A Letter From The Editors

A Letter From The Editors

Trojan Tribune Editors

In light of current events, the Trojan Tribune editors would like to say that we reject President Trump’s executive order to ban travel from seven predominantly Muslim countries indefinitely. We urge the administration not to appeal the recent court order halting the ban.
This ban is not only harmful to those who have sought refuge in the U.S., but also to those of us who made our home here, either a few years or twenty generations ago. It is harmful to our country as a whole.

Worse, the ban serves no practical purpose. It is purely symbolic. The nations targeted by the ban have not been sources of terrorist attacks in the United States. 0 of the 19 9/11 hijackers came from from the 7 banned nations.
The Statue of Liberty is a symbol of hope for the world. It is the visual representation of the American dream. Inscribed on its plinth is a poem by Emma Lazarus called “The New Colossus.” The closing of that poem is well known: “Give me your tired, your poor/ Your huddled masses yearning to breathe free/ The wretched refuse of your teeming shore./ Send these, the homeless, tempest- tost to me/ I lift my lamp beside the golden door!”
Perhaps less well known: Earlier in the poem Lazarus refers to Lady Liberty as “Mother of Exiles.”
The theory of the Statue, the theory of the poem, is that we are here for those who need us. It has not always been easy or smooth, but we are here for everyone, even those who seem strange or who do not worship or speak as we do. In theory, we are a place of opportunity for anyone who seeks it and a home to those who can not be where they once were.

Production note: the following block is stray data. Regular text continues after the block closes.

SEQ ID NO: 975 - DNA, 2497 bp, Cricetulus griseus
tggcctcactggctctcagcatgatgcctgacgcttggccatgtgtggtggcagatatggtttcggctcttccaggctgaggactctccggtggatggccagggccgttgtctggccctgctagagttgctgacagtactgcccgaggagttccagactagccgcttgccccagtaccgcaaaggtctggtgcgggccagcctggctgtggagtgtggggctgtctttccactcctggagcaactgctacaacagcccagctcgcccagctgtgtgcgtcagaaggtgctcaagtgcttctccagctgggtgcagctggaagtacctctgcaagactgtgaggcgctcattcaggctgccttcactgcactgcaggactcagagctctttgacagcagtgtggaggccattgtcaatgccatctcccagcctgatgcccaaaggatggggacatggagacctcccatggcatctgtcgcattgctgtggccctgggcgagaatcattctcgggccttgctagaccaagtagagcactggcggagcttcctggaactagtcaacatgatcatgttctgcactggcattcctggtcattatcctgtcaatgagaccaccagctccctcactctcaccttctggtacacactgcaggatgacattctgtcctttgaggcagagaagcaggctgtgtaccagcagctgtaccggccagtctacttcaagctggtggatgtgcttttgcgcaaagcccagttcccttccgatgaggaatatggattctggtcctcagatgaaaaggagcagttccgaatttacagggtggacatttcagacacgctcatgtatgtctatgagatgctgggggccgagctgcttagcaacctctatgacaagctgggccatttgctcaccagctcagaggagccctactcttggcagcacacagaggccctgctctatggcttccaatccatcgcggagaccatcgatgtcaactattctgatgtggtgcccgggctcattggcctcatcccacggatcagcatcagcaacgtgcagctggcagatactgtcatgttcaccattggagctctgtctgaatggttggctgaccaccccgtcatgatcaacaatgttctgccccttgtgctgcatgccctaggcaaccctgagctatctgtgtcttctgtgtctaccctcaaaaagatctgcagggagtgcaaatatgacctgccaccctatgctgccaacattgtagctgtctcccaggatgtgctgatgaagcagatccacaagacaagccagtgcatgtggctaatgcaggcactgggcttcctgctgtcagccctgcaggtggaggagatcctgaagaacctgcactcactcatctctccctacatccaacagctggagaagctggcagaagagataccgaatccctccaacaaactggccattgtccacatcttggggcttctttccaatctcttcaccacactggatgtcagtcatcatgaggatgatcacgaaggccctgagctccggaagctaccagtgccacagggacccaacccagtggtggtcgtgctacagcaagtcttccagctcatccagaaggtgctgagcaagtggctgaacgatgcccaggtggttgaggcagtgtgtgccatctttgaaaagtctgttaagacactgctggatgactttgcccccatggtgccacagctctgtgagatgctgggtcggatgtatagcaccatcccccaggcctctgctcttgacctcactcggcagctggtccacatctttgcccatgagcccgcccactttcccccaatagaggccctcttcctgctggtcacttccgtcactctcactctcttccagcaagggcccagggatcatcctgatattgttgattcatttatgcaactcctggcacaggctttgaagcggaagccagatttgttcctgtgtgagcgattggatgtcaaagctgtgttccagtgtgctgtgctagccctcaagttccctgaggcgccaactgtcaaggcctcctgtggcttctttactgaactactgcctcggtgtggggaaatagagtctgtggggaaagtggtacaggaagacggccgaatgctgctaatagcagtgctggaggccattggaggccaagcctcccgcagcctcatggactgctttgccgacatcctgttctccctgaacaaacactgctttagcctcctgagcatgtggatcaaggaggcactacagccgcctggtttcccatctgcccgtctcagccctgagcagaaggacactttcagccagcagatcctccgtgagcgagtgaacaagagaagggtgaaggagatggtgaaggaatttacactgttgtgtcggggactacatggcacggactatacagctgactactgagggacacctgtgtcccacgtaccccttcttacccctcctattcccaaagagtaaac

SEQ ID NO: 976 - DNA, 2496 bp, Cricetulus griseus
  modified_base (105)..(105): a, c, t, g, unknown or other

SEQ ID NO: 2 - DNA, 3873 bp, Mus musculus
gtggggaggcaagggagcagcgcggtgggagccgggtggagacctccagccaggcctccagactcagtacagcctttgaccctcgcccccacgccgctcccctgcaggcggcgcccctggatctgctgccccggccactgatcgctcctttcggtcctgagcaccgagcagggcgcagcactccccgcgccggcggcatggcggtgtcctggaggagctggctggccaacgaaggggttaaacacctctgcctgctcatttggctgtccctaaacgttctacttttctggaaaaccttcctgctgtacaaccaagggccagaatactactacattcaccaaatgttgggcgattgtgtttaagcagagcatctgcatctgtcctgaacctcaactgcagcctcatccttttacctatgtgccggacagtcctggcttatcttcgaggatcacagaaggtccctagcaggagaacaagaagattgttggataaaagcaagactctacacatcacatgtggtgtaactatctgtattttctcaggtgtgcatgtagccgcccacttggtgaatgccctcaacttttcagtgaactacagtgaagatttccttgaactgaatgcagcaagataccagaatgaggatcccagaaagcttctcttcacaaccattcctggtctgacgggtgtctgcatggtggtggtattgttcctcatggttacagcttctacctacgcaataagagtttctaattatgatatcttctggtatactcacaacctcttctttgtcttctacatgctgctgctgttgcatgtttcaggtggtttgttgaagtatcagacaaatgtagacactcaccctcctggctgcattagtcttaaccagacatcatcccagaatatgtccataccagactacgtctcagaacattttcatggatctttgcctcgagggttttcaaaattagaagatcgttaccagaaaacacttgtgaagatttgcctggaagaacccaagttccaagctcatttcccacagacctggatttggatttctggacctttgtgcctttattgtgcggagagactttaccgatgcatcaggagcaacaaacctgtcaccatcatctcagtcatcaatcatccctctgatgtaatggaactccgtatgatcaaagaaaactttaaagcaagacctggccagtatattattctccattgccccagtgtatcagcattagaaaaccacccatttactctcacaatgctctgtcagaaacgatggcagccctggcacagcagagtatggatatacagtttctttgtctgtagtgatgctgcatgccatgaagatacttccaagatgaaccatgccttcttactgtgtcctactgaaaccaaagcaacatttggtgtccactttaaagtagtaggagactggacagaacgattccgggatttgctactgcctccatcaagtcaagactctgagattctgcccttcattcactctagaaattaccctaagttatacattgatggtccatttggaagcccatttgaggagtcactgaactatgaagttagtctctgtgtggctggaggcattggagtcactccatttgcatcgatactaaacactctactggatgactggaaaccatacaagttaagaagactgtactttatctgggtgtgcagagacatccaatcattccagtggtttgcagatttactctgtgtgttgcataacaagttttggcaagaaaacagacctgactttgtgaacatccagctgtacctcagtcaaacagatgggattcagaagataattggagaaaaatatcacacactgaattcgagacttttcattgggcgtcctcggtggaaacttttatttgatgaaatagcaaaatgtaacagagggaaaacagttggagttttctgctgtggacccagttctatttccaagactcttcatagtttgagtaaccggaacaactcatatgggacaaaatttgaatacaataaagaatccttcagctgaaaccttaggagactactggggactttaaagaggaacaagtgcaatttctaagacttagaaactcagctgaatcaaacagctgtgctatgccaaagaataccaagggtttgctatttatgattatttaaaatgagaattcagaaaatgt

We believe that is a noble principle, and that it has worked to the advantage of our nation for all of our history. In the words Lin-Manuel Miranda (a New Yorker of Puerto Rican ancestry) put in the mouth of Alexander Hamilton (born on the Caribbean island of Nevis): “Immigrants. We get the job done!”
We fear the visa ban will effectively end this principle. We fear it will present us in a light of desperation and ignorance.
If “the land of the free and the home of the brave” is cowardly enough to turn away millions, then we are not as heroic as we like to believe.
We understand that many of your families have been affected by this ban, whether directly or indirectly. We regret this and reject this hatred and bigotry.
In school, we learn history in order to build for the future. History has many lessons for this moment. We have seen the doors of America close to ships full of Jews fleeing the Holocaust, turned away because of fear. Out of fear we sent loyal citizens of Japanese ancestry to internment camps, a decision upheld by the Supreme Court in a flawed decision that still stands today, ready to act as a precedent for another act of fear, 70 years later.
Fear can be a tool for hatred, but it can also be a tool for learning. We can no longer be scared. We stand with those excluded, and we stand proud.
If we don’t have diversity to challenge us…if we don’t have beliefs that can be shared…if we aren’t protected by the Constitution of the United States…are we even American?
The editors are unanimous. This action doesn’t represent our ideal of America.
To victims of the Trump Muslim ban: we are with you, hand in hand, no matter where you come from. We believe in the Mother of Exiles.
Be proud of our differences, Wayzata. Do not tolerate hatred and fear.